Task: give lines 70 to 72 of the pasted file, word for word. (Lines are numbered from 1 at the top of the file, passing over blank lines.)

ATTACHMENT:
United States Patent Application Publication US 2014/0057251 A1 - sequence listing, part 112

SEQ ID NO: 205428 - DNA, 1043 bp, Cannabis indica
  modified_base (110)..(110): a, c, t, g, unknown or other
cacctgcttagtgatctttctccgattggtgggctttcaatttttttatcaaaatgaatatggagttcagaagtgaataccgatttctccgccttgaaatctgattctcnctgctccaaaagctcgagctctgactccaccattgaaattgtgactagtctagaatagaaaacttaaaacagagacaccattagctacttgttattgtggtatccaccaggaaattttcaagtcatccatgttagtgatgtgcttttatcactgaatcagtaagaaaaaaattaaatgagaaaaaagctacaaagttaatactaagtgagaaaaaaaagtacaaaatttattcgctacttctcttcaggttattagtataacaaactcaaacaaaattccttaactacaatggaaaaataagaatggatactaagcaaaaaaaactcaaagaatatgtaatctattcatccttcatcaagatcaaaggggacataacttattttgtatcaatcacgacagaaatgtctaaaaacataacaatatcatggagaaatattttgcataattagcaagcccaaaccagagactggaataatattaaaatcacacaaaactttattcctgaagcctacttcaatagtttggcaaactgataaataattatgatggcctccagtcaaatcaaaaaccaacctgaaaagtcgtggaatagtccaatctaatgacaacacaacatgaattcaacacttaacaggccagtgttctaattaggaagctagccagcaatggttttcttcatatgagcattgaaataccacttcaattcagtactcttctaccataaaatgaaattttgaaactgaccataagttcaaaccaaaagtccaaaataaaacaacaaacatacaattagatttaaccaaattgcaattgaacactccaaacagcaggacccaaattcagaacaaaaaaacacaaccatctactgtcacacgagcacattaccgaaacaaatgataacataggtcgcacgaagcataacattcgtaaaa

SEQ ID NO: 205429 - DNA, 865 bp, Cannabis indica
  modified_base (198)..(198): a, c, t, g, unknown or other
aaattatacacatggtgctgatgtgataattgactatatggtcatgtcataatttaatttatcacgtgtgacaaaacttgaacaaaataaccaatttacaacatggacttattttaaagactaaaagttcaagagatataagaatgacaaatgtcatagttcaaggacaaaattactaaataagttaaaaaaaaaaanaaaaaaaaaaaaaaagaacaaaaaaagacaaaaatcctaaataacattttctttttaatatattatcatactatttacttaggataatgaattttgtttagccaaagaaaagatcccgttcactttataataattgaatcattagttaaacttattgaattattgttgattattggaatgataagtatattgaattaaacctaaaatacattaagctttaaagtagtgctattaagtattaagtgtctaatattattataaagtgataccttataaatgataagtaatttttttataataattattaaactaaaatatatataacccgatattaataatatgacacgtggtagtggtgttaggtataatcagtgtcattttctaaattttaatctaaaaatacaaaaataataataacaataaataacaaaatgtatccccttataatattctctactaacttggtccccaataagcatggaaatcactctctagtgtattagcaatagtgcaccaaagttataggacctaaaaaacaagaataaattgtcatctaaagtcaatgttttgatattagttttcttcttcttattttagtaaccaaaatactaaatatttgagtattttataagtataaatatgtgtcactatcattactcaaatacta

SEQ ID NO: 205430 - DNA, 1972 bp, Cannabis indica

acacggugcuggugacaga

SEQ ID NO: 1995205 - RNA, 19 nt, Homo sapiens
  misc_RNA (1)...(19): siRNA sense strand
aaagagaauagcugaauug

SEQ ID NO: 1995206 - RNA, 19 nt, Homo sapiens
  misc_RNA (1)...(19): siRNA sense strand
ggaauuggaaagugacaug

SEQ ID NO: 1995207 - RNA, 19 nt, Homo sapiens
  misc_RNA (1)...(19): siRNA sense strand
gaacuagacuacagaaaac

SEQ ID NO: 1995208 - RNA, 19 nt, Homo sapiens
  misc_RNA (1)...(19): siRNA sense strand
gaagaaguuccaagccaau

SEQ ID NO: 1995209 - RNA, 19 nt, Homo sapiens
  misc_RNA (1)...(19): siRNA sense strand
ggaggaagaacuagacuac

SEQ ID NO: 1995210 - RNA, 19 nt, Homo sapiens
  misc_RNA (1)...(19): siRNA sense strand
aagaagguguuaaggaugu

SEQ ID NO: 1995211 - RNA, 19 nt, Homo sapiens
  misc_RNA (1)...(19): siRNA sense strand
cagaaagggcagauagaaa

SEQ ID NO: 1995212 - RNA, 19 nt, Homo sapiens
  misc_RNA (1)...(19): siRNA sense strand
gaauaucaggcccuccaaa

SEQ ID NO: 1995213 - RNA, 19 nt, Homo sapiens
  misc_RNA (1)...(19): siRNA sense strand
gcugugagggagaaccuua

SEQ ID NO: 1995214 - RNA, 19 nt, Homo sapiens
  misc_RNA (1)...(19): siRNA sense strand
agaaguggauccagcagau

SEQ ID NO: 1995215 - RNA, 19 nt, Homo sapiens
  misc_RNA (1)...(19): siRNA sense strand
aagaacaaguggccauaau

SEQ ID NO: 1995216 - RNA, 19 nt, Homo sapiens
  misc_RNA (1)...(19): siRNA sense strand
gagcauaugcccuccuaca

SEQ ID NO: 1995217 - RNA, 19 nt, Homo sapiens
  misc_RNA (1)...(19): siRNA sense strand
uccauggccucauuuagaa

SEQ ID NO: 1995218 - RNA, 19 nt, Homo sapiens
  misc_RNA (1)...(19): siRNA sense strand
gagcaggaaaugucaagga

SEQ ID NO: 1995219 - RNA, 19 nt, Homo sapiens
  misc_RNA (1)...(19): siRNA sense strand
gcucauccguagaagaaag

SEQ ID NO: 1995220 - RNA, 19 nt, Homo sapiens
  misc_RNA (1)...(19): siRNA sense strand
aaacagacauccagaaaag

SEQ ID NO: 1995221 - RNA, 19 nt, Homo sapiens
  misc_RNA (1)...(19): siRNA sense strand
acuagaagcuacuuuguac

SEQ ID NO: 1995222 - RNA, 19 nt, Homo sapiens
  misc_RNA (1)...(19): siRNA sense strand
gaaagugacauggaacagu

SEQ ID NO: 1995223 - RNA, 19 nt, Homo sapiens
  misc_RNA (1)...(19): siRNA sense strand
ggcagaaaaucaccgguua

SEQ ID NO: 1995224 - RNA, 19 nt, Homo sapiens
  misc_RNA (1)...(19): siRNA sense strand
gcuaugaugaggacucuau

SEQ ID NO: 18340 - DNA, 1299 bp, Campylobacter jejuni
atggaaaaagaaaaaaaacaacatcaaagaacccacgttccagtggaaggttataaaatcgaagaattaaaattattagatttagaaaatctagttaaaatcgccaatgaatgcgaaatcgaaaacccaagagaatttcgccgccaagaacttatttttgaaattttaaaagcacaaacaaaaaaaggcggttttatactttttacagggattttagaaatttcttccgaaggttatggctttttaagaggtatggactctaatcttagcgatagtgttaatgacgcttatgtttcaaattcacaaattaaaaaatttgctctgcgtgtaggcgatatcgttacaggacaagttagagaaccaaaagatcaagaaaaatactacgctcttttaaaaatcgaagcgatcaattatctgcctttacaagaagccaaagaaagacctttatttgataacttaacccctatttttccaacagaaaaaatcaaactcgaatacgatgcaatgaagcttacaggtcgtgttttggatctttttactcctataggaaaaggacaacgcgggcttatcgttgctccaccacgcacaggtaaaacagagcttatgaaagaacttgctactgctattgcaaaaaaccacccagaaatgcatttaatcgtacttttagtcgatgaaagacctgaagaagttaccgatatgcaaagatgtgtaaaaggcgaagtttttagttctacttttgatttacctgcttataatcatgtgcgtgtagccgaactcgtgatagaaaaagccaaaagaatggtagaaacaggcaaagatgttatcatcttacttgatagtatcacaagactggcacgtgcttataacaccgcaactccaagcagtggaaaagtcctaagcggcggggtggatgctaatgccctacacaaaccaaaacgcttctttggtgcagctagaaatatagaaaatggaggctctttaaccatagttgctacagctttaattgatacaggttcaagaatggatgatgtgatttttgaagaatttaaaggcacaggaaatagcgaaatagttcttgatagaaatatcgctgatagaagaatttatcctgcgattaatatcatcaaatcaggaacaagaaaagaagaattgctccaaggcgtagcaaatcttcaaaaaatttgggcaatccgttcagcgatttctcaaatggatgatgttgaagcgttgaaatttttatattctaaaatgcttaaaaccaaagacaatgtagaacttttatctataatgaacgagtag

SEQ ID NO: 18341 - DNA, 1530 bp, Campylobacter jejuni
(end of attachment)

SEQ ID NO: 18340 - DNA, 1299 bp, Campylobacter jejuni
atggaaaaagaaaaaaaacaacatcaaagaacccacgttccagtggaaggttataaaatcgaagaattaaaattattagatttagaaaatctagttaaaatcgccaatgaatgcgaaatcgaaaacccaagagaatttcgccgccaagaacttatttttgaaattttaaaagcacaaacaaaaaaaggcggttttatactttttacagggattttagaaatttcttccgaaggttatggctttttaagaggtatggactctaatcttagcgatagtgttaatgacgcttatgtttcaaattcacaaattaaaaaatttgctctgcgtgtaggcgatatcgttacaggacaagttagagaaccaaaagatcaagaaaaatactacgctcttttaaaaatcgaagcgatcaattatctgcctttacaagaagccaaagaaagacctttatttgataacttaacccctatttttccaacagaaaaaatcaaactcgaatacgatgcaatgaagcttacaggtcgtgttttggatctttttactcctataggaaaaggacaacgcgggcttatcgttgctccaccacgcacaggtaaaacagagcttatgaaagaacttgctactgctattgcaaaaaaccacccagaaatgcatttaatcgtacttttagtcgatgaaagacctgaagaagttaccgatatgcaaagatgtgtaaaaggcgaagtttttagttctacttttgatttacctgcttataatcatgtgcgtgtagccgaactcgtgatagaaaaagccaaaagaatggtagaaacaggcaaagatgttatcatcttacttgatagtatcacaagactggcacgtgcttataacaccgcaactccaagcagtggaaaagtcctaagcggcggggtggatgctaatgccctacacaaaccaaaacgcttctttggtgcagctagaaatatagaaaatggaggctctttaaccatagttgctacagctttaattgatacaggttcaagaatggatgatgtgatttttgaagaatttaaaggcacaggaaatagcgaaatagttcttgatagaaatatcgctgatagaagaatttatcctgcgattaatatcatcaaatcaggaacaagaaaagaagaattgctccaaggcgtagcaaatcttcaaaaaatttgggcaatccgttcagcgatttctcaaatggatgatgttgaagcgttgaaatttttatattctaaaatgcttaaaaccaaagacaatgtagaacttttatctataatgaacgagtag

SEQ ID NO: 18341 - DNA, 1530 bp, Campylobacter jejuni